Susan Lewis

Arts & Culture Reporter

Susan is an arts and culture reporter for WRTI. She contributes Arts Desk features, and weekly intermission interviews for The Philadelphia Orchestra in Concert broadcast series on WRTI with host Gregg Whiteside.

She is also a freelance essayist, journalist, and speechwriter who has written about Philadelphia for Insight Guides and Greater Philadelphia Tourism Marketing Corporation's Culture Files.  A former columnist for Philadelphia Magazine, she is the author of Reinventing Ourselves after Motherhood and a book of essays. Her work has appeared in The Philadelphia Inquirer, Child Magazine, Parents Magazine, Reader's Digest and Ladies' Home Journal (Parents Digest).

Born and raised in Philadelphia, Susan is also a lawyer, with a B.A. in Philosophy from Trinity College, Connecticut, and a J.D. from New York University School of Law. She has practiced law in New York City and taught entertainment law at Rutgers Law School in Camden.

Ways to Connect

A violinist who has embraced a wide range of repertoire finds music making to be a profound form of human expression. WRTI’s Susan Lewis has more on this internationally renowned soloist.

The Barnes Foundation

One of the unusual aspects of the Barnes Foundation is its wrought iron collection – shoe buckles, hinges, latches, and other objects integrated throughout the galleries. WRTI’s Susan Lewis has more on Albert Barnes’ fascination with, and approach to, metal works - now the subject of two special exhibitions.


The legend of Don Juan, dating from the mid 17th century, has spawned plays, poetry, opera, and more.  Richard Strauss’s 1889 tone poem about the story launched his star in the European musical world.


Englishman Bramwell Tovey is an accomplished pianist, composer and conductor. As WRTI’s Susan Lewis reports, he’s also upbeat about the power of music to reach people of all ages.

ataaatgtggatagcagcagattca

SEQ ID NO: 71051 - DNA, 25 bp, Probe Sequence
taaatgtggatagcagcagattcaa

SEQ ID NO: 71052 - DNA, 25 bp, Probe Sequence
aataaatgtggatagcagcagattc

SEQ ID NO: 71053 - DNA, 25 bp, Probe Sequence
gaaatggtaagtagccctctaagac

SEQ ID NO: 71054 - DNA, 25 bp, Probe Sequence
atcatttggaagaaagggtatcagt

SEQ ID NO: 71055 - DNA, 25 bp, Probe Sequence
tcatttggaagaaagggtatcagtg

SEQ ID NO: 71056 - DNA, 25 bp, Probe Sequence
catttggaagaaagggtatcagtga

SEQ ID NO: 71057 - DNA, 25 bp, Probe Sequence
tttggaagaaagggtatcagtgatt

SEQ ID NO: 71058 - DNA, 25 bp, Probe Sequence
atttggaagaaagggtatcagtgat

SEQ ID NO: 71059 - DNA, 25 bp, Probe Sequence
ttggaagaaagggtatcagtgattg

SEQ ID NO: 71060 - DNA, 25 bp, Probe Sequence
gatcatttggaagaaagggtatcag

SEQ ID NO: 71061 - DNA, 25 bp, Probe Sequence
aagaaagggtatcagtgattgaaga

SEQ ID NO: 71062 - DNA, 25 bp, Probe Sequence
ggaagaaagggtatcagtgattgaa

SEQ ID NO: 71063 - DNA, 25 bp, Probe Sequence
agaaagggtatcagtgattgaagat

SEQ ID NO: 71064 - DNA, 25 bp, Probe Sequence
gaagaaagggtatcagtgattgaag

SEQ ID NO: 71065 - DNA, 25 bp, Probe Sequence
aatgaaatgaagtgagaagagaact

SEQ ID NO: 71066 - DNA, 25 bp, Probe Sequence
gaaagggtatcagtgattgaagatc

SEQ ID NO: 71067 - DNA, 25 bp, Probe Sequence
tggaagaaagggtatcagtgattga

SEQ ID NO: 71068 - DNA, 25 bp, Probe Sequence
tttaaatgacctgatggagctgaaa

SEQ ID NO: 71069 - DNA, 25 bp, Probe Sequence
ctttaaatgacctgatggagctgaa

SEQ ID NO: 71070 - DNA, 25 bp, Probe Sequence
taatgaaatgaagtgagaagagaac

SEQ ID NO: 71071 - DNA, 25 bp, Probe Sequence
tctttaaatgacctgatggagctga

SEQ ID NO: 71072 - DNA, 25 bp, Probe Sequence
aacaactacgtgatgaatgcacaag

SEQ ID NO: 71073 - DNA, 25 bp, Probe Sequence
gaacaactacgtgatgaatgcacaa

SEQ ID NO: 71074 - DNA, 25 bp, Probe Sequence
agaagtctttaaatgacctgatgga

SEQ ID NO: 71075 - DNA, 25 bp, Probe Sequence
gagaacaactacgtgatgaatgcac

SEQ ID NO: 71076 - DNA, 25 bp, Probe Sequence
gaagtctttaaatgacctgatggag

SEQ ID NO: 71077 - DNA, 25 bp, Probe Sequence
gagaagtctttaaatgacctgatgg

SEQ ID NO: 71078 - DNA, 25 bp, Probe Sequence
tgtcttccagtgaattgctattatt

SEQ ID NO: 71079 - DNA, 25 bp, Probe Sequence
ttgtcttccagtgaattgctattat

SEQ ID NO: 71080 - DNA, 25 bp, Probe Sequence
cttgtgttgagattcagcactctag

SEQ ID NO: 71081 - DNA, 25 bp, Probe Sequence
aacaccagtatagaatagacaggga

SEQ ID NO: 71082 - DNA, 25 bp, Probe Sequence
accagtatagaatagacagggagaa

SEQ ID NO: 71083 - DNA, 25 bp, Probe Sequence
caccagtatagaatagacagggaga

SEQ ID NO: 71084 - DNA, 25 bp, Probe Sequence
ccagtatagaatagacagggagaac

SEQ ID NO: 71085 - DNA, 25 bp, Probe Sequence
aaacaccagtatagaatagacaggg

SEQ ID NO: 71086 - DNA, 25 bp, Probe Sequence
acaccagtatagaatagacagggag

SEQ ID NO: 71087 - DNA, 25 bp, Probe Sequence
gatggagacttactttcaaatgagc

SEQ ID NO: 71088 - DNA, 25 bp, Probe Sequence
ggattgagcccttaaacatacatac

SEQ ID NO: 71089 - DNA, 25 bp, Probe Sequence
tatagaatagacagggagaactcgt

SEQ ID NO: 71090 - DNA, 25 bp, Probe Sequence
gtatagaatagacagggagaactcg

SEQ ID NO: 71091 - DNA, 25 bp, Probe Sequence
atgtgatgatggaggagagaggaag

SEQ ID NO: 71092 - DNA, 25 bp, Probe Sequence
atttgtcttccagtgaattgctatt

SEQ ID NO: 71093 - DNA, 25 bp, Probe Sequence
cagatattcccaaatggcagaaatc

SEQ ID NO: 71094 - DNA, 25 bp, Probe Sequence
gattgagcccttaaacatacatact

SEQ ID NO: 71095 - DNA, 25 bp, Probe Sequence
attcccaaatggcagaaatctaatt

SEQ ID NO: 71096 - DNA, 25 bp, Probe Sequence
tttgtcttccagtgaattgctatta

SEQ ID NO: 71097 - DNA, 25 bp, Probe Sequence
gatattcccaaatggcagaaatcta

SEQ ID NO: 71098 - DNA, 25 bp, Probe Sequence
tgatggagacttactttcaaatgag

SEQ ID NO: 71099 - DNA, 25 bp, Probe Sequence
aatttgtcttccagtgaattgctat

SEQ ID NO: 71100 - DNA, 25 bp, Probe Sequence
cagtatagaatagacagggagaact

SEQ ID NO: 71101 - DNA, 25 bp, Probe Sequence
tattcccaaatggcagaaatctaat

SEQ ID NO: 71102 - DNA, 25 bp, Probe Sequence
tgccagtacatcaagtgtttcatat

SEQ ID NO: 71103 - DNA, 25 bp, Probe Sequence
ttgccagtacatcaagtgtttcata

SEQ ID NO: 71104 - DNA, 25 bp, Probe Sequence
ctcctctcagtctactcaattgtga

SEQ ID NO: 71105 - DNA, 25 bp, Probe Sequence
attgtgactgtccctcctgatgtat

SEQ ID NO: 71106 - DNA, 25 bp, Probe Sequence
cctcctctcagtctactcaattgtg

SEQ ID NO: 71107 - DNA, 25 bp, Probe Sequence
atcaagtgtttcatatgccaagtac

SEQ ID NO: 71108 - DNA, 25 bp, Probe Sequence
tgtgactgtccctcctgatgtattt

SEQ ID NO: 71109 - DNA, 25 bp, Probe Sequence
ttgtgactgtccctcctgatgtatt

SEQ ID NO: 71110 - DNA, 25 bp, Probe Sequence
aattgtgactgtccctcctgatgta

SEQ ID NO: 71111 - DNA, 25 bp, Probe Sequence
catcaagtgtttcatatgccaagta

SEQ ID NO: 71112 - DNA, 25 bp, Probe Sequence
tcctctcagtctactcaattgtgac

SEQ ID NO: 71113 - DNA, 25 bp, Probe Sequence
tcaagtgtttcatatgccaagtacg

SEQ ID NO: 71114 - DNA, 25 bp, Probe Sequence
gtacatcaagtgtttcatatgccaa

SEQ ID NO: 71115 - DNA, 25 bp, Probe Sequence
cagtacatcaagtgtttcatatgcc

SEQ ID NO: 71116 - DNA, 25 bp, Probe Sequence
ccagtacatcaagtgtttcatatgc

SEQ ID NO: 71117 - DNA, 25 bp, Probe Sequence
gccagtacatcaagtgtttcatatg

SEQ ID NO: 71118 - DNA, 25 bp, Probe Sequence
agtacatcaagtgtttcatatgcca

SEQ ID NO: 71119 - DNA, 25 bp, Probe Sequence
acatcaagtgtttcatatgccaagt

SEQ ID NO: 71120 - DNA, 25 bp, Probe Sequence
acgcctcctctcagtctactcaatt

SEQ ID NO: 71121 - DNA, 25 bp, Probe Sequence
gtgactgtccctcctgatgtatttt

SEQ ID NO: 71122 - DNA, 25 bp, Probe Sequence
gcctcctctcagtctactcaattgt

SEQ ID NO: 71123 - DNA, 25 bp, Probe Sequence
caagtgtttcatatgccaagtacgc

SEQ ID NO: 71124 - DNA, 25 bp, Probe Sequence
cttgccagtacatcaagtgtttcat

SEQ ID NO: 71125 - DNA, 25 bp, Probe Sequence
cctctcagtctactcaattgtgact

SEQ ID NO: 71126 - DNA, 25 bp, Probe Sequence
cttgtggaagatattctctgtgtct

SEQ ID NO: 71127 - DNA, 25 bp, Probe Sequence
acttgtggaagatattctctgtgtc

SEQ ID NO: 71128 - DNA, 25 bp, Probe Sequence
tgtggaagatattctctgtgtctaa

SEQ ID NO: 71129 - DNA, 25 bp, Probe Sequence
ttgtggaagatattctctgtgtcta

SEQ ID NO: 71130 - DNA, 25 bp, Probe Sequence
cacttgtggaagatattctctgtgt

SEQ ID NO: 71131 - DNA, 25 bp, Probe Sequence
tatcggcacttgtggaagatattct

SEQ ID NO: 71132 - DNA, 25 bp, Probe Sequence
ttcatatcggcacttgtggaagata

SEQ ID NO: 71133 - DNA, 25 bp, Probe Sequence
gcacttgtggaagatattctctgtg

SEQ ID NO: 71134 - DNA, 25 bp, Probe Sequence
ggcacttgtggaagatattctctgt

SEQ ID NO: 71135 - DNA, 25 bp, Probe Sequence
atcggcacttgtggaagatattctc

The four DePue brothers (Wallace, Jason, Zack, and Alex) were raised on classical music, barbershop, and Bluegrass. As WRTI’s Susan Lewis reports, today they’re juggling work at conventional ensembles - The Philadelphia Orchestra, the Indianapolis Symphony Orchestra, and the Philly Pops - with a family-based band specializing in a blend of classical and American grass roots music.

Chris Lee

On Tuesday evening, December 8th at Carnegie Hall,  the long-standing organization Musical America - known for its comprehensive directory of the music business - celebrated recipients of its 2016 awards for musical excellence. In a room full of supporters, managers, fellow artists and press, trophies were given to artist, composer, instrumentalist, vocalist, and ensemble of the year.

Jessica Griffin / The Philadelphia Orchestra

Among the works Sergei Rachmaninov promoted were his variations on themes of other composers. The Philadelphia Orchestra - and the bright, new star Daniil Trifonov - are shining a new light on a popular piece as well as lesser-known works in the genre.

Scottish conductor Donald Runnicles is busy with leadership positions in the opera and symphonic worlds in Germany, Scotland, and America.  WRTI’s  Susan Lewis profiles Runnicles, who is also a regular guest conductor with The Philadelphia Orchestra.  


Stephen Hahn

It’s just after 1:00 in the afternoon, and I’m holding up a wall backstage at the Kimmel Center, after watching a Philadelphia Orchestra rehearsal with Music Director Yannick Nezet-Seguin and soloist Hilary Hahn. Musicians are heading out, the hall is emptying.

Hulton archive

After publicly resisting the growing fascism in Europe in the 1930s, Hungarian pianist and composer Bela Bartok eventually fled his homeland. As WRTI’s Susan Lewis reports, he wrote his Second Violin Concerto not long before emigrating to the United States.


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